Widely considered to be one of the windiest places in the northern-hemisphere, Penghu is also an ideal location for a number of water sports such as windsurfing, and wake-boarding, with a number of pristine beaches hosting such activities throughout the year. The crystal clear waters surrounding Penghu are also ideal for snorkelling and scuba diving, with numerous options available to discover Penghu’s diverse underwater world. Some of Penghu’s more secluded island’s include Jibei to the north, and Chimei and Wang’an to the south. These idyllic shores are home to rare wildlife, pristine coastline, ancient Fujianese architecture, and Penghu’s iconic heart-shaped fishing weirs.
Orchid Island (Lanyu – 蘭嶼)
Situated 76km offshore from the east-coast city of Taitung, and marking the south-easternmost point of Taiwan, Orchid Island stretches to the further reaches of a ROC visa and is often an overlooked destination by travellers due to its relative geographical isolation. The island is made up of two steep mountains covered in thick jungle surrounded by a narrow strip of coastal land with 6 villages spread out around its perimeter. With a pleasant climate all year round the island is perfect for diving, snorkelling, and even hiking, presenting the ideal opportunity to become more familiar with some of Taiwan’s friendliest people, the Tao – one of Taiwan’s 16 recognised aboriginal groups.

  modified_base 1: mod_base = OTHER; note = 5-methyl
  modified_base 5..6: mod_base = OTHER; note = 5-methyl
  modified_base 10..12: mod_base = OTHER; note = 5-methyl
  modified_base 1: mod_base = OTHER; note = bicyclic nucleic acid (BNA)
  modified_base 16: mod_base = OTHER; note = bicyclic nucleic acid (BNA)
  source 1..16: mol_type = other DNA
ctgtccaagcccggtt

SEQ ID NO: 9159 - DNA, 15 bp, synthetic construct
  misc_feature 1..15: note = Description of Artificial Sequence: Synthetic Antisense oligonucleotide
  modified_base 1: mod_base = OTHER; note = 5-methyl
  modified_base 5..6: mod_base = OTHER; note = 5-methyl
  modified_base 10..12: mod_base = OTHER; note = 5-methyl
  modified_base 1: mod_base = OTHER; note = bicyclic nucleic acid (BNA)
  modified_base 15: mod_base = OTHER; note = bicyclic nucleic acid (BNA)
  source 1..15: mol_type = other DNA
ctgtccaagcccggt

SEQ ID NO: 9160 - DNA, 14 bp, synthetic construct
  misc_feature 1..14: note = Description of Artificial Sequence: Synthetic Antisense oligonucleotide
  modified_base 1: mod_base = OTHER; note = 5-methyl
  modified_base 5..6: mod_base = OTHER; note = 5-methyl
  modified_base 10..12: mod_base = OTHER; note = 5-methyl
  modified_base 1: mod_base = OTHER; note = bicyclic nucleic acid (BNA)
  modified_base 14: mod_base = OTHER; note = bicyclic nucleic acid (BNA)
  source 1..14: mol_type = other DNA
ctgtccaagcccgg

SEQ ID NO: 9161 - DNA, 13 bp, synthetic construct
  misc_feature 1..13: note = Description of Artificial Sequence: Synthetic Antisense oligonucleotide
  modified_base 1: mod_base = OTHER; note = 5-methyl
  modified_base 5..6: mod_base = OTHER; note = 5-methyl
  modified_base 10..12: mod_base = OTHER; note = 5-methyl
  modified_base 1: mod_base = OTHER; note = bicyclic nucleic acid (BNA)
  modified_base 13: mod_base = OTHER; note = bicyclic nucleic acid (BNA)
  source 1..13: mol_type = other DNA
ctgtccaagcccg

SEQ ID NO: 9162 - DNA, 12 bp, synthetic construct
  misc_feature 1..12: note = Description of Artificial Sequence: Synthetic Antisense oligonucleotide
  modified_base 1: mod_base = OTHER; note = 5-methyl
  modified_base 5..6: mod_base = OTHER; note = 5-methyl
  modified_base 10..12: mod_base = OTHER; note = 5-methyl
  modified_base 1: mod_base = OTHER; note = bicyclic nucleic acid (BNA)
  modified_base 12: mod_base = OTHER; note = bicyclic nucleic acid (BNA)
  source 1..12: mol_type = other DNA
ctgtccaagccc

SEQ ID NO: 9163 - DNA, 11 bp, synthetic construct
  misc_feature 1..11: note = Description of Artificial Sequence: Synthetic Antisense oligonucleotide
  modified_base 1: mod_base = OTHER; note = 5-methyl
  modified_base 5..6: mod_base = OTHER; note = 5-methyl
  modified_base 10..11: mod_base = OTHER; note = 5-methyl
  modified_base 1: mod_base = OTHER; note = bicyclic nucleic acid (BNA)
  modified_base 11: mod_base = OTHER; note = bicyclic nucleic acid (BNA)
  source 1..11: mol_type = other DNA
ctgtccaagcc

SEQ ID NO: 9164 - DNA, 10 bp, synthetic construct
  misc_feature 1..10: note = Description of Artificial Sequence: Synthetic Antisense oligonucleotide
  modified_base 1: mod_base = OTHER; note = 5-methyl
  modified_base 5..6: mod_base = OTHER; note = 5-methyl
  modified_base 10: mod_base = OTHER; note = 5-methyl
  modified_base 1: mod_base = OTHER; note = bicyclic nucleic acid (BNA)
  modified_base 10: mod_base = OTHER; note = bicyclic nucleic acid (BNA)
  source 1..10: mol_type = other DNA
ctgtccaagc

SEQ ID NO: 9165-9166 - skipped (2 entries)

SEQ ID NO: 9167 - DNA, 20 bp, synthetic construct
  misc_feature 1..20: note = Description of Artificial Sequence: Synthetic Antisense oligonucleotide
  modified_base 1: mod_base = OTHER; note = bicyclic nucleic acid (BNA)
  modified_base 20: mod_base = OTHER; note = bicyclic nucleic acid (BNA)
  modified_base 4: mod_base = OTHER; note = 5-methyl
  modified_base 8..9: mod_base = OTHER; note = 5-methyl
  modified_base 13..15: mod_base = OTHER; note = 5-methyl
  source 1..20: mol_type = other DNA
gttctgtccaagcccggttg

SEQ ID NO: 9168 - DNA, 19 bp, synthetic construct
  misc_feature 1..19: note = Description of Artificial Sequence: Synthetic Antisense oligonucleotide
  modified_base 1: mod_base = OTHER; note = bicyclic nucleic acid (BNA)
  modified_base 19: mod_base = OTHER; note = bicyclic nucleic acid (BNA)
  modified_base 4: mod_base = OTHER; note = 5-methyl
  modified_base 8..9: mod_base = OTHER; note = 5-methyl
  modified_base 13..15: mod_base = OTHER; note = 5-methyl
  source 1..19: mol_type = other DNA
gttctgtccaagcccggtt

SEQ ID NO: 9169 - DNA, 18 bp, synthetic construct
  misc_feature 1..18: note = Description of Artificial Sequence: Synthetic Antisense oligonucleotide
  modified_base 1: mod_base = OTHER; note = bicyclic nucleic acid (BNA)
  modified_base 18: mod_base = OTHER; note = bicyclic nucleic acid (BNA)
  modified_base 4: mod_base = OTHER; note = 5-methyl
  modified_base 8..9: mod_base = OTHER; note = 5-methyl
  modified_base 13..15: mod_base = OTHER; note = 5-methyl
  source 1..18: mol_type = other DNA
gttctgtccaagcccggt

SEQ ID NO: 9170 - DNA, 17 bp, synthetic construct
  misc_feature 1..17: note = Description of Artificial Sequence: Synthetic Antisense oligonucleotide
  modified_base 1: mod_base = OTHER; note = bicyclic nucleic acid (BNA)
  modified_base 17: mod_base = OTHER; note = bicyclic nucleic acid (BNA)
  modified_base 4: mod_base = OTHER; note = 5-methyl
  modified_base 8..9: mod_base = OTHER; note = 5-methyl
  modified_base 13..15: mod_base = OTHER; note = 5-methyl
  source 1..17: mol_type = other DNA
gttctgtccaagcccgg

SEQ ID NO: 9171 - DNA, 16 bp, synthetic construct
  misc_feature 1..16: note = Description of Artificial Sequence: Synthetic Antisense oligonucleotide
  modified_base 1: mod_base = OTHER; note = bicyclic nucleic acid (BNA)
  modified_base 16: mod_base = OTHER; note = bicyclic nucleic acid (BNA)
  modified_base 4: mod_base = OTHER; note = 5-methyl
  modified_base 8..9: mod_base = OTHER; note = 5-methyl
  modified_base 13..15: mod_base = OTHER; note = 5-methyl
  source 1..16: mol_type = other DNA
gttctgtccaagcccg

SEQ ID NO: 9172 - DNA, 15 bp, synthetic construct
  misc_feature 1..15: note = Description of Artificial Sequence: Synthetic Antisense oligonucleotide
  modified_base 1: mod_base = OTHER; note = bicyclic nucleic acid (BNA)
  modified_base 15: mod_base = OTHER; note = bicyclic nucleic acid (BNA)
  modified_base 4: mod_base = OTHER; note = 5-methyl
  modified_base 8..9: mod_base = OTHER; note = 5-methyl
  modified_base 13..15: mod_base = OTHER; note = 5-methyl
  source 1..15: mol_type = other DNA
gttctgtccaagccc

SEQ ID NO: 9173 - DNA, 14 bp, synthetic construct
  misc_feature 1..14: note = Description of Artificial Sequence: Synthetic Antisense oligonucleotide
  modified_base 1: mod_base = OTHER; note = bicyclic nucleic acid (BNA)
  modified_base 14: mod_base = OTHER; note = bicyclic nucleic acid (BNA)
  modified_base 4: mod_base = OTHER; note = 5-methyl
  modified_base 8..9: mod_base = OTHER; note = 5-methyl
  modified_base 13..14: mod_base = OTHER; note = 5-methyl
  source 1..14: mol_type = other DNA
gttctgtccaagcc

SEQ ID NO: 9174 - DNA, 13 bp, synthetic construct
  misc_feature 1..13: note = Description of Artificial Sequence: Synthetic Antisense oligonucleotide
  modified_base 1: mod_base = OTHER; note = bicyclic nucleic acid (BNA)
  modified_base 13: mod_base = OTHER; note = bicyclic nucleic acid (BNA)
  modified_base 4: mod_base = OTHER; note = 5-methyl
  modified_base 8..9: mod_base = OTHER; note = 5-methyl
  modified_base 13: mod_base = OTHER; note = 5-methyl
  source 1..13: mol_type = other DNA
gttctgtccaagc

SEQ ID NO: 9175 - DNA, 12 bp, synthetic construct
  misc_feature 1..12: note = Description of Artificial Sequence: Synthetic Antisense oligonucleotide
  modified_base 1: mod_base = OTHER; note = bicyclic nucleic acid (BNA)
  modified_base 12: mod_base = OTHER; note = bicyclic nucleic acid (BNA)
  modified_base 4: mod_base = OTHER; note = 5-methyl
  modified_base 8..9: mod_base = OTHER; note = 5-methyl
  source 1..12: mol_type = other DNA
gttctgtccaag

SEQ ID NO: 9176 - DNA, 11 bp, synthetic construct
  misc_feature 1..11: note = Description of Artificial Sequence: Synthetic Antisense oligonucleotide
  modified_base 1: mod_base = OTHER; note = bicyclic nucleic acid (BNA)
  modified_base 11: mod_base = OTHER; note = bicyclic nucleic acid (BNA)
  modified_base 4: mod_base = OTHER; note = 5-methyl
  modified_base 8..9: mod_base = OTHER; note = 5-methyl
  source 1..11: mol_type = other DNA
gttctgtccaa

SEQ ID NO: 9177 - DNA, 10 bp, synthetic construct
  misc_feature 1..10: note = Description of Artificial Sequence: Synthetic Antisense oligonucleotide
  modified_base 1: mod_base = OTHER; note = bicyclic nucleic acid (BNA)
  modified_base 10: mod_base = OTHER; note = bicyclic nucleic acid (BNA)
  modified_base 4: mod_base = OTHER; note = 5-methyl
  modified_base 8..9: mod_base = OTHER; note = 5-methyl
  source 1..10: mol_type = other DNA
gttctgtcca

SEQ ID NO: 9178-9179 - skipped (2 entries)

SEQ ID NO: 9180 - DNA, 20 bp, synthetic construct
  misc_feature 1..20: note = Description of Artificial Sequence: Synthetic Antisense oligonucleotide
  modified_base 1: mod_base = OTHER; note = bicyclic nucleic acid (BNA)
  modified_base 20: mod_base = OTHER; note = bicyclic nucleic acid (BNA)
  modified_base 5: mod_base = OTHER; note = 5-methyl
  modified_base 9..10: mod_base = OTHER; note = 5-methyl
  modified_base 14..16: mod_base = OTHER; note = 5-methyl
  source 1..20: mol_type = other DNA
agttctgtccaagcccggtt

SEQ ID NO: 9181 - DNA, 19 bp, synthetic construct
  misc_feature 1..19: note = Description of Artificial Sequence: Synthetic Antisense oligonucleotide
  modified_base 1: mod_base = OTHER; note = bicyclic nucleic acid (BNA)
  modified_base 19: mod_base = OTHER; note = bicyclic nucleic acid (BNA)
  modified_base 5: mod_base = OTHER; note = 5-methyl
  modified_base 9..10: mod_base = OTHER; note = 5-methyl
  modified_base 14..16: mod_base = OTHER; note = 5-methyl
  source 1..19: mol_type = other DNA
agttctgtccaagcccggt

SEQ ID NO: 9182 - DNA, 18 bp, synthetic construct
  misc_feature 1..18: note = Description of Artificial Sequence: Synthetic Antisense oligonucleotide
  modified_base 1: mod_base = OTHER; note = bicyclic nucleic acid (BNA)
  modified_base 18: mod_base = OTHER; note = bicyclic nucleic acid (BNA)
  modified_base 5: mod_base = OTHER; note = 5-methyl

The islanders make their living from the ocean, and of immense importance to the locals is the flying fish (飛魚) which is eaten at almost every meal. Colourful fishing boats line the shores of the island, and if you’re lucky enough, you might even witness one of the island’s boat launching ceremonies. The Tao’s fishing boats, which can be spotted perched next to each other on the island’s pebble beaches, make one of Lanyu’s most iconic sights. According to Tao customs and tradition, a boat is considered as part of a man’s body, and boat building – which can takes years – is a sacred mission and part of life.
The island itself can be reached either by ferry or plane, with the latter marginally more expensive. The boat trip, which takes around 3 hours, is particularly beautiful, with flying fish a common sight gliding through the air either side of the ferry’s hull and the occasional dolphin sighting usually a cause for excitement amongst passengers. Once on the island, the best way to get around and explore is on 2 wheels, and motorcycle rental opportunities are usually plentiful. The villages on the east side of the island are especially picturesque, and it is here that a number of Tao-style underground houses still remain. If you are lucky, you might be shown around by some of the locals, but don’t intrude unexpectedly.
Orchid’s Island’s relative isolation from the rest of Taiwan isn’t merely geographical, but cultural as well. The islanders are of Austronesian descent and have their own distinct language entirely different even from Taiwan’s other aboriginal groups. The Tao people, or Tao no pongso meaning “people on the island”, are incredibly friendly and any visitor to the island will be richly rewarded for making the journey.
Part 2 of Discovering Taiwan’s Offshore Islands, featuring Kinmen, Matsu, and Green Island, can be found here.